- Sustainable Development Goals: There is strong traction for Rio+20 to signal the launch of the preparation of a set of Sustainable Development Goals (SDGs) that would succeed to the UN Millenium Development Goals after 2015. But the G77 countries have clearly said that they will support the SDGs only if the means of implementation are resolved. It is also unclear whether the Sustainable Development Goals will be negotiated in New York by governments in the next two years, or whether the UN Secretariat will be entrusted with the task of drafting them in informal consultation with key governments and civil society organizations.
The Ambassador of a large industrialized country who knows my ties with many Non Governmental Organizations (NGOs) shared with me the other day his impression that NGOs had been "unitednationized" through this Rio+20 process. It was his way of saying that he thought NGOs were too soft and should speak up more loudly and clearly, so that the Heads of State and Government can hear them. Unless they can hear them, how will they listen? I can't say whether the Ambassador's remark on the NGOs was entirely fair, but indeed I agree that NGOs are indispensible natural elements to make sure that the perfect storm we need in the coming days does happen here in Rio!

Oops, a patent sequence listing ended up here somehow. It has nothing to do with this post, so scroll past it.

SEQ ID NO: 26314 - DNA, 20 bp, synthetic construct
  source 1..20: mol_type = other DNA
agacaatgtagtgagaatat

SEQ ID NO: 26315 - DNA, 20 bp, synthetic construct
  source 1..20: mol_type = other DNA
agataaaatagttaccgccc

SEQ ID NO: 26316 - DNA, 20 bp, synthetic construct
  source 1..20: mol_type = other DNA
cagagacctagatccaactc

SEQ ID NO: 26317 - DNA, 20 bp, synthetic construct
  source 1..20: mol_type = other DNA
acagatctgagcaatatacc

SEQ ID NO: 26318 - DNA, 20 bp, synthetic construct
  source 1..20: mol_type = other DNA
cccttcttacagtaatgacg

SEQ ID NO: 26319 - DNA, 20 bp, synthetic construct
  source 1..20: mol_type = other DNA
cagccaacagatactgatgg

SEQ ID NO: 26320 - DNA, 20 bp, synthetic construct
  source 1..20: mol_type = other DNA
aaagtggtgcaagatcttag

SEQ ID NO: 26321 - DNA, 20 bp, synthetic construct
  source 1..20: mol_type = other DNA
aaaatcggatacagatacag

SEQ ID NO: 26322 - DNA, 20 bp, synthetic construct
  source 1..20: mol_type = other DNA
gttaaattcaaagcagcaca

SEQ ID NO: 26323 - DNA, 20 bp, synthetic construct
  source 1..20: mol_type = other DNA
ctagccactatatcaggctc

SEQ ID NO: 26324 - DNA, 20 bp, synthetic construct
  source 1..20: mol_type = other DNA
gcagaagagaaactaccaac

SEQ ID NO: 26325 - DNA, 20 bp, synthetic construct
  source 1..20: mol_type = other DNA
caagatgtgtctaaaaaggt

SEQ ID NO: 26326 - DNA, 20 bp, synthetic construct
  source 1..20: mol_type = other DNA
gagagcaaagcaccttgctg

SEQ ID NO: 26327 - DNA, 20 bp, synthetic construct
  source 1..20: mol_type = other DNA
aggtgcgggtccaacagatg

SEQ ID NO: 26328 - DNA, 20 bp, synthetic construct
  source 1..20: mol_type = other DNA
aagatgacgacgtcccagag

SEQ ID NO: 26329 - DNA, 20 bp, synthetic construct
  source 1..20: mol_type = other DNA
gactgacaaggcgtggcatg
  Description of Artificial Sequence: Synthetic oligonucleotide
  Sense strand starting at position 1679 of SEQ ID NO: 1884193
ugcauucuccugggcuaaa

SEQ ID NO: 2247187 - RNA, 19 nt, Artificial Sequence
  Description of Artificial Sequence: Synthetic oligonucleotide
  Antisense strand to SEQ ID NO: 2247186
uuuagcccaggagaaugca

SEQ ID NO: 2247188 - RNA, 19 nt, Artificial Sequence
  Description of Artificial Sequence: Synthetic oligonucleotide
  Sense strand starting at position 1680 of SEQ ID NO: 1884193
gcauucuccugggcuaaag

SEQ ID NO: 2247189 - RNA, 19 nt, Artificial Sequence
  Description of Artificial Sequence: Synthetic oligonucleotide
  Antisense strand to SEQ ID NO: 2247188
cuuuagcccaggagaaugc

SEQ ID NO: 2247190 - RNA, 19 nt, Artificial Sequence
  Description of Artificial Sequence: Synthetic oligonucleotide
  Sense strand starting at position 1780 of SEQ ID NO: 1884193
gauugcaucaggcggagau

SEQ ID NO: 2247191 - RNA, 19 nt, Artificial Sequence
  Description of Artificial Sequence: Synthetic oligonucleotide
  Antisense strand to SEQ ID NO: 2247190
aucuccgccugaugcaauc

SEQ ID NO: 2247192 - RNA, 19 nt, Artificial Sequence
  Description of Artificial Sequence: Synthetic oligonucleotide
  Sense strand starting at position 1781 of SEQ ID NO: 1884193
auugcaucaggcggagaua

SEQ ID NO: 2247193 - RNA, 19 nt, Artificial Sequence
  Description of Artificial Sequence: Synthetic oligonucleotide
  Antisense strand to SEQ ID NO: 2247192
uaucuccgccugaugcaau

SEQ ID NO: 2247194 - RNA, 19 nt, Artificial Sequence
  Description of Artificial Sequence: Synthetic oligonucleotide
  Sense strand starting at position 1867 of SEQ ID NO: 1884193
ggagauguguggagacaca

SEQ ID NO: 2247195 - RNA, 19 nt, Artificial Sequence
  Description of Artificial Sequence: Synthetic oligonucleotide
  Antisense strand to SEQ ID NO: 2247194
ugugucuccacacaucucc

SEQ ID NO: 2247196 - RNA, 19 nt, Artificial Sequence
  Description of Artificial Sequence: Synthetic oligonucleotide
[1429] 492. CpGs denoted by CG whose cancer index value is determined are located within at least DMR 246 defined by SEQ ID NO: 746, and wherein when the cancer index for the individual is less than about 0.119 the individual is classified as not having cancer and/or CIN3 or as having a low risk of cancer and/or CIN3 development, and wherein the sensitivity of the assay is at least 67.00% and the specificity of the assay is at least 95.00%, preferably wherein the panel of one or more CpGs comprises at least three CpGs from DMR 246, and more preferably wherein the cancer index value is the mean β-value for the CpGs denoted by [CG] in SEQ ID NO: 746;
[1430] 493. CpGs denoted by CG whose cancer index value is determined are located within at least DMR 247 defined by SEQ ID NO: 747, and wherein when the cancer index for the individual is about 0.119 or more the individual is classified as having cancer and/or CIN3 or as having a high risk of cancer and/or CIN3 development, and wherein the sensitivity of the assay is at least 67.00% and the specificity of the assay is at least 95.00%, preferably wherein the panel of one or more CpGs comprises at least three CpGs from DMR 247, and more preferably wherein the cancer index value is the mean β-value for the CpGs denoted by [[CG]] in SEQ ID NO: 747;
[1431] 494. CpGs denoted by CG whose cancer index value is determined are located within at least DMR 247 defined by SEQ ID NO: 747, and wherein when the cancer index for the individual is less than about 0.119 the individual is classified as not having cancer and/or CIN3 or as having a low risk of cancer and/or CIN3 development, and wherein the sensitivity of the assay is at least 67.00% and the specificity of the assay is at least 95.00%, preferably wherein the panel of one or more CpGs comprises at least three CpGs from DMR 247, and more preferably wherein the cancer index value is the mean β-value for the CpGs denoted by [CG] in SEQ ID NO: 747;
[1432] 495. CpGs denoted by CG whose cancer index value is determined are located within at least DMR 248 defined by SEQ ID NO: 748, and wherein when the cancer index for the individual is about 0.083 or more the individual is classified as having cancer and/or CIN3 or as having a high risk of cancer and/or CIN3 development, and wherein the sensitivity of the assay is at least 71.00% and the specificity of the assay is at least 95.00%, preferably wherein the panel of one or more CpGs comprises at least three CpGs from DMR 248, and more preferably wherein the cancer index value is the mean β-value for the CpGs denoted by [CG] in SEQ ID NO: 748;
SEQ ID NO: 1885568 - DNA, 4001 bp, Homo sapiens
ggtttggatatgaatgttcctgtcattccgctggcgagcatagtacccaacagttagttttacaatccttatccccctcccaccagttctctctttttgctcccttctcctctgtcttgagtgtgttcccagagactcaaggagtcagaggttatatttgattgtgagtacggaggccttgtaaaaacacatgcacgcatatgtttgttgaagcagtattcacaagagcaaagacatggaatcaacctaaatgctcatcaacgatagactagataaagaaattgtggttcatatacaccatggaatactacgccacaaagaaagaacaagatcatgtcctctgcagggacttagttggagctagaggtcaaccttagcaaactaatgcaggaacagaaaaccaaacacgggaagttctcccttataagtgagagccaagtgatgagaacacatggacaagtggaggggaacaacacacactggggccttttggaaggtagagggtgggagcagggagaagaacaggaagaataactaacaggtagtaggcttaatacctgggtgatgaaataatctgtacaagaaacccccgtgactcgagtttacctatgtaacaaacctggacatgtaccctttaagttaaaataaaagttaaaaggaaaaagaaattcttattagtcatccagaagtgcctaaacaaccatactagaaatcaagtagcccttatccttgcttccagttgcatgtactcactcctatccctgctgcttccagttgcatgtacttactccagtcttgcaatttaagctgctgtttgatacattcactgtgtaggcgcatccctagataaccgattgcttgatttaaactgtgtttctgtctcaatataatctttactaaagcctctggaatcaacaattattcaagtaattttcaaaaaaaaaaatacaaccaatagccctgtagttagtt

This blogpiece is also available in español, HERE (AQUÍ) on the website of the Spanish news agency EFE.